Student Highlights: Ding Kong

Photo of Ding Kong

Hate words? Definitely not, says Ding Kong; their use is "breaking the silence against the unspoken homophobia in our society." He is pictured at a recent rally for social justice on Ho Plaza.

Major: Natural Resources
College: Agriculture and Life Sciences
Hometown: Los Angeles (born and raised for eight years in China, two years in Germany)

Main Cornell extracurricular activity – why is this important to you?
Although most of my activities are social justice and environmentally oriented and really important to me, this year I joined Yamatai, Cornell's one and only taiko (Japanese drumming) group. Drumming with Yamatai gave me a chance to sweat, train, learn and perform with really talented teammates.

Your most profound turning point while at Cornell?
After working with other young people at an anti-oppression training program in New York City through the Urban Scholars program, I've sharpened my political outlook and shifted my priorities to working with young people, education and culture, and committing myself to learning people's history and politics. It is an experience that helped me come out as queer to my parents and friends, and helped me clarify my passion and purpose. Ever since, I've been more involved with the LGBTQ (lesbian, gay, bisexual, transgender and queer) community, Asian-American groups and other social justice organizations.

Did any of your beliefs or interests change during your time at Cornell?
Maybe they changed too much. My interests shifted from environmentalism and ecology to environmental justice, social justice, gardening, urban gardens, anti-oppression work, U.S. third-world feminism, Asian-American activism, education and then drumming.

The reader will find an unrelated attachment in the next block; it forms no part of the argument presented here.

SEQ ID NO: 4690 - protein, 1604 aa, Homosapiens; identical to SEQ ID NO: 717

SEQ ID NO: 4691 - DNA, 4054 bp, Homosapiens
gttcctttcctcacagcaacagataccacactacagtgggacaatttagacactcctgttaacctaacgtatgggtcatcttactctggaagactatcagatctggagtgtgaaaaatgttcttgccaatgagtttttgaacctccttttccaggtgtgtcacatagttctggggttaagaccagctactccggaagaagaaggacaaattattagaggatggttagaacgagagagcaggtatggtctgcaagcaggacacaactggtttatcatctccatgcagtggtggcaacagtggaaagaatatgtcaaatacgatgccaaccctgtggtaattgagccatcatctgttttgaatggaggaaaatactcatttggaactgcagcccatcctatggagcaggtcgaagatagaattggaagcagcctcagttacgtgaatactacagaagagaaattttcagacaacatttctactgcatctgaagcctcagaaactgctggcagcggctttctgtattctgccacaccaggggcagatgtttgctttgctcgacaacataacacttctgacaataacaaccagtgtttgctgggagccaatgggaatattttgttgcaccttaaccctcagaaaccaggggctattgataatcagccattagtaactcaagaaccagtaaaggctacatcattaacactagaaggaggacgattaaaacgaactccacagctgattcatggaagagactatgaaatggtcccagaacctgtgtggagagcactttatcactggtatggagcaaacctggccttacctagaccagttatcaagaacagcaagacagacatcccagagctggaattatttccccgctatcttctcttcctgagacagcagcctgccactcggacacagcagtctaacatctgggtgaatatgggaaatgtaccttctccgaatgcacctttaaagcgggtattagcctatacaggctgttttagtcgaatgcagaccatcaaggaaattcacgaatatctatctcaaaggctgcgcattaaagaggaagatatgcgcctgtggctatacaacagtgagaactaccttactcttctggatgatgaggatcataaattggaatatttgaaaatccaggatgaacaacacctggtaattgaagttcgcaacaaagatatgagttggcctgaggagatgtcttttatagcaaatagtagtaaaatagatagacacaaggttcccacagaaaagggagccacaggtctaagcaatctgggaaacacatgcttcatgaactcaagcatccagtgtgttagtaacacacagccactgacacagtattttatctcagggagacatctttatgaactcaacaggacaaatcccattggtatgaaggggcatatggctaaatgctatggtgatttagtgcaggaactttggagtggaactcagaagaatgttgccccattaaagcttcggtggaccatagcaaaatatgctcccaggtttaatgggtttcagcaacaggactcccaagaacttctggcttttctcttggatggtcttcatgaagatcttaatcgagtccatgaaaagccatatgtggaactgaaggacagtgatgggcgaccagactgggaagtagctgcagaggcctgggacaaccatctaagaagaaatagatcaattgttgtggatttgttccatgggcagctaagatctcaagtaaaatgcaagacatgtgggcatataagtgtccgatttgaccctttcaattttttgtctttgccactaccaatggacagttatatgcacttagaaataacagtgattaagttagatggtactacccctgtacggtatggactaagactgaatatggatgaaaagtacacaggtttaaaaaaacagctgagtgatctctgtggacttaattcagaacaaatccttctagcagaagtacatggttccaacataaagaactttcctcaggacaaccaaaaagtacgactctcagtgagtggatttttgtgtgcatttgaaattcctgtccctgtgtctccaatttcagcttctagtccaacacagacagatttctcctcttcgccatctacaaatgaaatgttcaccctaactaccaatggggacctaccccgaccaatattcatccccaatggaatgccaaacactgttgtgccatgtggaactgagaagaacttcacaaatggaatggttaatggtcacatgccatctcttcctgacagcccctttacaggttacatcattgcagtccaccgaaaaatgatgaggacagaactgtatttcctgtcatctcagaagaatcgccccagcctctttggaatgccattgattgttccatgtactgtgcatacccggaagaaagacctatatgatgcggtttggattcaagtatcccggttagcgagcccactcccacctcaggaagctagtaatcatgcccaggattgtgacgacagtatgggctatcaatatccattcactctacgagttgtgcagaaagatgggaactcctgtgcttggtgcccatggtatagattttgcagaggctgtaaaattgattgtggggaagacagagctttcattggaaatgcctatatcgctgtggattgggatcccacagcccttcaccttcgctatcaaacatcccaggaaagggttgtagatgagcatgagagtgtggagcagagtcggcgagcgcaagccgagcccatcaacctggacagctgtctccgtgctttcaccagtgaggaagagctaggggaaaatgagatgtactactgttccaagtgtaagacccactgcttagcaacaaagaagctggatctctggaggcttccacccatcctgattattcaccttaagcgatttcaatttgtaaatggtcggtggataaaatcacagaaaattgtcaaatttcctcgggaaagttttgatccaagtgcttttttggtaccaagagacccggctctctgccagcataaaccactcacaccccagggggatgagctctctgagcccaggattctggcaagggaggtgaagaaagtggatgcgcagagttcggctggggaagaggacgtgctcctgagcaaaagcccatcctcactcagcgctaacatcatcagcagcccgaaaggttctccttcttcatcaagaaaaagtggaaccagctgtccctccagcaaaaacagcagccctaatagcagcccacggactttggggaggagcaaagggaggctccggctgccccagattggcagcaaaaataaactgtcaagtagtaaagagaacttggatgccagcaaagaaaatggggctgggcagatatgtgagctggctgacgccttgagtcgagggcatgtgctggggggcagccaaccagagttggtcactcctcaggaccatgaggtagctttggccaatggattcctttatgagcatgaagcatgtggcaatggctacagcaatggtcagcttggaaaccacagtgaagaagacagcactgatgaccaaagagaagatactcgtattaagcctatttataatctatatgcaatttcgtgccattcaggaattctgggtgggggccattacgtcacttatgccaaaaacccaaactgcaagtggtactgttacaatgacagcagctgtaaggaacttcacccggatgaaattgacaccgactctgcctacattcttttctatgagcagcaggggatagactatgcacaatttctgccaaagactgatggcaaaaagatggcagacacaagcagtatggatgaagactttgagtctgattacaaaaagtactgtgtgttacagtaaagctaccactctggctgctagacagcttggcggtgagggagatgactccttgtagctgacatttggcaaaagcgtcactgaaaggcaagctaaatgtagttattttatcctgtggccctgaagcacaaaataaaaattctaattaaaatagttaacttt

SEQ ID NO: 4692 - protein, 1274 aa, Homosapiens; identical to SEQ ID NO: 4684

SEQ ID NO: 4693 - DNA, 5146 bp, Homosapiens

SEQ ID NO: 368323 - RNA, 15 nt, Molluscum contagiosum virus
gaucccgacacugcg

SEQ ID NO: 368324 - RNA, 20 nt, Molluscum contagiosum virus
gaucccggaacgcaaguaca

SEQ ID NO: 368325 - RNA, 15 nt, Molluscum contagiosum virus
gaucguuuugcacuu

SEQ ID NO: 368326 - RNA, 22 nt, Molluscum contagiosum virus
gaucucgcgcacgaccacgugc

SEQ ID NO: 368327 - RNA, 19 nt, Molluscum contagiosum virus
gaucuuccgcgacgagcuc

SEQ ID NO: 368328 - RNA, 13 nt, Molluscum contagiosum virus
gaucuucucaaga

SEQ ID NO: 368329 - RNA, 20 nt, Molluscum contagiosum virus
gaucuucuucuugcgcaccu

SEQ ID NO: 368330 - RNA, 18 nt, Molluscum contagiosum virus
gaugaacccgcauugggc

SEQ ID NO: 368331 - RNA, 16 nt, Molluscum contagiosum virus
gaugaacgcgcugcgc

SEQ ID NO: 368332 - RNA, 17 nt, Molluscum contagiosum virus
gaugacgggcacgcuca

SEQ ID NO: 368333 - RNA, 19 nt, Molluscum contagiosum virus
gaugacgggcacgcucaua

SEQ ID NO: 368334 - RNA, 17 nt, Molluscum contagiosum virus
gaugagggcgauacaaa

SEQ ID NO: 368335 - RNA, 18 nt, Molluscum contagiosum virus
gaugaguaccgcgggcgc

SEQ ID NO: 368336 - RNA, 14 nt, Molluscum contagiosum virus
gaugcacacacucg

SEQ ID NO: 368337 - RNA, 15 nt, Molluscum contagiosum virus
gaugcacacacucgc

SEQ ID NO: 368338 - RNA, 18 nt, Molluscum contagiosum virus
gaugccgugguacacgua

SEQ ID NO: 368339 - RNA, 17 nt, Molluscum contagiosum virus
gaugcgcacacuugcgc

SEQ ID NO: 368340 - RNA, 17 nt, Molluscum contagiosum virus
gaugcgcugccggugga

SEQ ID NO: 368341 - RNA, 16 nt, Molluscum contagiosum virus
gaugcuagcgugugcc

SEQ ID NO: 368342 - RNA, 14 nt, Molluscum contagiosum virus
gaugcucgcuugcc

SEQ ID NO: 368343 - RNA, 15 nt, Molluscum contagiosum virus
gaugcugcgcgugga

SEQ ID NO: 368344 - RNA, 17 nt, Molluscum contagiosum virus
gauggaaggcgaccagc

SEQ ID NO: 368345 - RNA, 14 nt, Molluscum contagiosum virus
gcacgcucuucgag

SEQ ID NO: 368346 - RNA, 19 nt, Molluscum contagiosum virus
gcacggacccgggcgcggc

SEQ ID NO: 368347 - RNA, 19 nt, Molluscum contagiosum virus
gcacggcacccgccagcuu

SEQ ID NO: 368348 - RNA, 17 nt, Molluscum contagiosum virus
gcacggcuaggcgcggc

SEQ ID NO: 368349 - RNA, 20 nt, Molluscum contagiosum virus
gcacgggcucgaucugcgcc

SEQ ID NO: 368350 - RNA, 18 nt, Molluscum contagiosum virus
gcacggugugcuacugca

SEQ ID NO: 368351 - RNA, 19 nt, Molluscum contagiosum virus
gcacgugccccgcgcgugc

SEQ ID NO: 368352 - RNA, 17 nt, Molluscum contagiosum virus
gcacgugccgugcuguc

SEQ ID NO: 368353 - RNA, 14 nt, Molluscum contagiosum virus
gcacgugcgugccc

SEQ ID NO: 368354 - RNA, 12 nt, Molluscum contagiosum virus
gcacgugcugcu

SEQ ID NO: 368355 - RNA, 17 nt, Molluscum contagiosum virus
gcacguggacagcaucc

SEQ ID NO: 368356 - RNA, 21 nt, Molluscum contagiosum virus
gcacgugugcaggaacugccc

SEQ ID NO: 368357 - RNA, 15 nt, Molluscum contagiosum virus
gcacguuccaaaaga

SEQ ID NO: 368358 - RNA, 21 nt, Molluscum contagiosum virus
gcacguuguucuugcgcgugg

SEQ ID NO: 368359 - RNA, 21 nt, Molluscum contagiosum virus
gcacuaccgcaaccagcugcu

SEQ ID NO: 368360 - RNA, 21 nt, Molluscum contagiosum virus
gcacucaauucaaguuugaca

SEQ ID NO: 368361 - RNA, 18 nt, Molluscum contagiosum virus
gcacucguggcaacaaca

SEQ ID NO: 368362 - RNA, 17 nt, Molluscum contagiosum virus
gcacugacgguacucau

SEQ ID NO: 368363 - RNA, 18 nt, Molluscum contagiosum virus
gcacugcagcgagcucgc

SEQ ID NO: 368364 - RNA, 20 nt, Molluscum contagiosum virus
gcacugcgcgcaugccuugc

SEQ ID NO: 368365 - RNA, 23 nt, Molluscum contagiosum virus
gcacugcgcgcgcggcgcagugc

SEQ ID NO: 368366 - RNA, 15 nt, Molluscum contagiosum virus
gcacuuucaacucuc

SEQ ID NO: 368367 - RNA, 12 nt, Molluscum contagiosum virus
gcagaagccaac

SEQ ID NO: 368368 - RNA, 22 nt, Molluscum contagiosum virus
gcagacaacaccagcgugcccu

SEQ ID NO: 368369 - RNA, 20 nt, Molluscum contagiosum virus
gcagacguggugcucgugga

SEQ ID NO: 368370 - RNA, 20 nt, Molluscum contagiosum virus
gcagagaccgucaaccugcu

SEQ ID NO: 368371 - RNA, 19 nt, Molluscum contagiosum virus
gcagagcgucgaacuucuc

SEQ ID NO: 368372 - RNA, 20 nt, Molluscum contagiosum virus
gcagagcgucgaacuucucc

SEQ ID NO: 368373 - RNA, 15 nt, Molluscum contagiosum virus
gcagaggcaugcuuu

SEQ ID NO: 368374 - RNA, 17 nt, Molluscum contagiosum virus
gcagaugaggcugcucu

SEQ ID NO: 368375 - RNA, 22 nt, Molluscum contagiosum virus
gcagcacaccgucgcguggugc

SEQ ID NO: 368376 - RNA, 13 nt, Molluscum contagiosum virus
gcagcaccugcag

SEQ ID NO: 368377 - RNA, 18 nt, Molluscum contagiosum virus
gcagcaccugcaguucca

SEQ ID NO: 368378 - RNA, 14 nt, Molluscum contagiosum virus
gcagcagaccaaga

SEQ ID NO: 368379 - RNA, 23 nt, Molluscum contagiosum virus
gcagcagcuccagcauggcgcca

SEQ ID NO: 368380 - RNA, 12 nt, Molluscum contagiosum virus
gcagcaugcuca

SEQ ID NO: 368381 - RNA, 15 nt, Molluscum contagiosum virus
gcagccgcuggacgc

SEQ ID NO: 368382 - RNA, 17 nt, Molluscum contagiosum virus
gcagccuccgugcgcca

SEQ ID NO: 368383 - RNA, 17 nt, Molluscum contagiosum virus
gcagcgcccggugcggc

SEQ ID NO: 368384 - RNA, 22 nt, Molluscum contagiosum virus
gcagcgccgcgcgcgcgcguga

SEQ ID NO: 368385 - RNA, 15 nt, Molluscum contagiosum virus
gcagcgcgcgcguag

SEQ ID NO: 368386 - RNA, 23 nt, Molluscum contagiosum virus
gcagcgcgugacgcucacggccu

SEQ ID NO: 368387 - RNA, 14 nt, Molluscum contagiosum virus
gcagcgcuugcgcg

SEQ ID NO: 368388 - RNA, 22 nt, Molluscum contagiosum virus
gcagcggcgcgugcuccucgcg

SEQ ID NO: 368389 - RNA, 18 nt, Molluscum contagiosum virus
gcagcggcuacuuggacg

Who or what influenced your Cornell education the most?
Taking Professor Ron Mize's U.S. Comparative Race and Ethnic Relations class and Professor Cindy Cruz's U.S. Third World Feminism class, as well as lots of independent studies (I'm pretty sure I've exceeded my limit); starting an environmental justice class with fellow students and TA'ing three classes that I have never taken. Browsing and reading through books at the Asian-American Resource Center was also really influential in shaping my personal, political and academic perspective.

What Cornell-related scholarships did you receive?
The Udall Scholarsip and the Harlan B. Brumsted Scholarship, both of which have been tremendously helpful in reducing my yearly student loans.

While at Cornell, what other accomplishments/activities are you most proud of?
Being part of the committee to create the Asian/Asian-American Community Center, helping organize the 2008 East Coast Asian American Student Union (ECAASU) and tutoring and mentoring young people in the Ithaca schools. I'm also proud of how much the Sustainability Hub has grown this year on its own, having left my post as co-president after two years. They have so many great projects I can hardly keep track.

What Cornell memory do you treasure the most?
Learning, sharing and dancing with 1,000 other Asian-Americans from all over the country at ECAASU. Add that to the culmination of months of Excel spreadsheets and e-mails from organizing the conference. I was buzzing for a week from that experience.

What are your plans for next year and beyond?
I will be teaching in the Los Angeles public schools for two years with Teach for America. I plan to continue teaching for five to six years before going back to graduate school to study critical pedagogy.